mitnord wrote:I have a parabola y = x^2 and a circle x^2 + y^2 - 5/2y + 9/16 = 0

Parabola and circle have a common tangent in the point with the x-coordinate of sqrt(3)/2.

I need to find the tangent's equation.

So far, I found the circles' center (0, 5/4) and radius = 1

You are given the x-coordinate of the shared point of tangency. Plug this into either one of the original equations to find the y-coordinate, and thus the coordinates of that point.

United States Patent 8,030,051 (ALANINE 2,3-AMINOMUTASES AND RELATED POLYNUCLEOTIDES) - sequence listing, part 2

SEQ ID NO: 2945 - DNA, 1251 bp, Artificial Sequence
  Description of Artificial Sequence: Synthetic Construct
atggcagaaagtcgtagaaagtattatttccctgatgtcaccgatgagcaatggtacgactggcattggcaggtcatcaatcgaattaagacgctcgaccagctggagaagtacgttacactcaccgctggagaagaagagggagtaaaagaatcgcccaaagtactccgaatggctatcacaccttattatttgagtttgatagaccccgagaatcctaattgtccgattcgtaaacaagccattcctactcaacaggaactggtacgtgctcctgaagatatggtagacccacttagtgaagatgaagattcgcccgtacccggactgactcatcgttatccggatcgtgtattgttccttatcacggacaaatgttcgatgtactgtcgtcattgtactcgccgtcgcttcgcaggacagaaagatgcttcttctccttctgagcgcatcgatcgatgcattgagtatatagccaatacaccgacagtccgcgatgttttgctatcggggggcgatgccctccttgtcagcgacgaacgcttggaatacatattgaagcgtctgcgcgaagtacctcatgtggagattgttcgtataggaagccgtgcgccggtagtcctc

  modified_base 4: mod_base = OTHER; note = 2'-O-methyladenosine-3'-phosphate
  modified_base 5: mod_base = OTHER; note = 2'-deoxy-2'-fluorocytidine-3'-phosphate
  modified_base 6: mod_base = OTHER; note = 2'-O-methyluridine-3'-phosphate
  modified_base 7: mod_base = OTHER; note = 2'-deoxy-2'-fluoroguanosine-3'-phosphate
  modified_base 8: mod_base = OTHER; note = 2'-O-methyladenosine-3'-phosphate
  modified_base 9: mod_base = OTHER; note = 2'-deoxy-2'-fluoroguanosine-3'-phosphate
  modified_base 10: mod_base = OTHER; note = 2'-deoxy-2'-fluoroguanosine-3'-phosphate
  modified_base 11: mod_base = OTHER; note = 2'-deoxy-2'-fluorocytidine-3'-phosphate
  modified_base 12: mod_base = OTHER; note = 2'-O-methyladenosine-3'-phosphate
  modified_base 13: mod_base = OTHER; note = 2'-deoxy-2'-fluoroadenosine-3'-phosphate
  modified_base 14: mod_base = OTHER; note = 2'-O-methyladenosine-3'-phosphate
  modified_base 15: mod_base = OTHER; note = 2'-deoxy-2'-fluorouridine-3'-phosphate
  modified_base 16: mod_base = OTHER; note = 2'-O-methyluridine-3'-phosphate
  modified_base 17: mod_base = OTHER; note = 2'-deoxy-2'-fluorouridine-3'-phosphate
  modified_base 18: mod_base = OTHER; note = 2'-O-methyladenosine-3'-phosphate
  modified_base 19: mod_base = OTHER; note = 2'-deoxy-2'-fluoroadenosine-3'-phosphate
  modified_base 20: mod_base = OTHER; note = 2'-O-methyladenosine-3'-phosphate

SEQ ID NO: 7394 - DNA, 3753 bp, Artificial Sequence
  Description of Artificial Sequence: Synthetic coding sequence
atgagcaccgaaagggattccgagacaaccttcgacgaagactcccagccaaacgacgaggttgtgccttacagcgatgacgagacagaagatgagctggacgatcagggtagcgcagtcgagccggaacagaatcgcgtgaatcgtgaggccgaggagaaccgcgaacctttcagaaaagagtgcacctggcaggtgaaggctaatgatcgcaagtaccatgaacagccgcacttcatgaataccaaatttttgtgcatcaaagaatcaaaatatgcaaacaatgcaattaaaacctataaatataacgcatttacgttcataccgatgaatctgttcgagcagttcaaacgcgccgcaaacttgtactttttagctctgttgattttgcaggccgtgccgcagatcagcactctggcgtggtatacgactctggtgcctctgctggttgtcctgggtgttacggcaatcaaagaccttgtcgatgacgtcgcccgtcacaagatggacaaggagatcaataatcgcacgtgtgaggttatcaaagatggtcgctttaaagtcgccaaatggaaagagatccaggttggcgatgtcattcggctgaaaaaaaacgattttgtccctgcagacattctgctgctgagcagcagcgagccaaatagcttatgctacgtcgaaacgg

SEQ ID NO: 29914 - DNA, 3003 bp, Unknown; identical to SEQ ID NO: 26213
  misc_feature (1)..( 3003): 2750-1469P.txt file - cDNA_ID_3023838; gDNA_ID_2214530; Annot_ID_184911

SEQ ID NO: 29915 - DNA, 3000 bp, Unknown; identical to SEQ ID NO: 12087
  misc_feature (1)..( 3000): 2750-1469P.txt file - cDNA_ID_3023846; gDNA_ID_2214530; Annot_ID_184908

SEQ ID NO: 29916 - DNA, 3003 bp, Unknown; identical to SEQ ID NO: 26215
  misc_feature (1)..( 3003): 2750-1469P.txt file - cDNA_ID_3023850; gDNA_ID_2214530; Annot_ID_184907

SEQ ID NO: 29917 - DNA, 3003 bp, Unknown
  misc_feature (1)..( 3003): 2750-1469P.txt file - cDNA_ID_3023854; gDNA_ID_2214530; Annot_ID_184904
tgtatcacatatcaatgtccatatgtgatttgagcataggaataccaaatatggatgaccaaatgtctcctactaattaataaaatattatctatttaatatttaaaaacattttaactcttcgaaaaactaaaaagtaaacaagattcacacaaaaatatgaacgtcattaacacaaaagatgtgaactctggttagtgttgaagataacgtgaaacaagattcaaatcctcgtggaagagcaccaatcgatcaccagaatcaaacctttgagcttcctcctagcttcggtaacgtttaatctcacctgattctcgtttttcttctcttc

For a line to be "tangent" to another figure, it must just touch the figure, rather that crossing it. For a circle, this means that the tangent line at a point must be perpendicular to the radius line at that point. (Otherwise, the line would pass through the circle, rather than only touching it.)

You have the center and the point of tangency. What is the

**slope** between these two points? What then is the perpendicular slope?

Plug this perpendicular slope

and the point of tangency

into

**the point-slope formula** to find your line equation.

If you get stuck, please reply showing how far you have gotten. Thank you!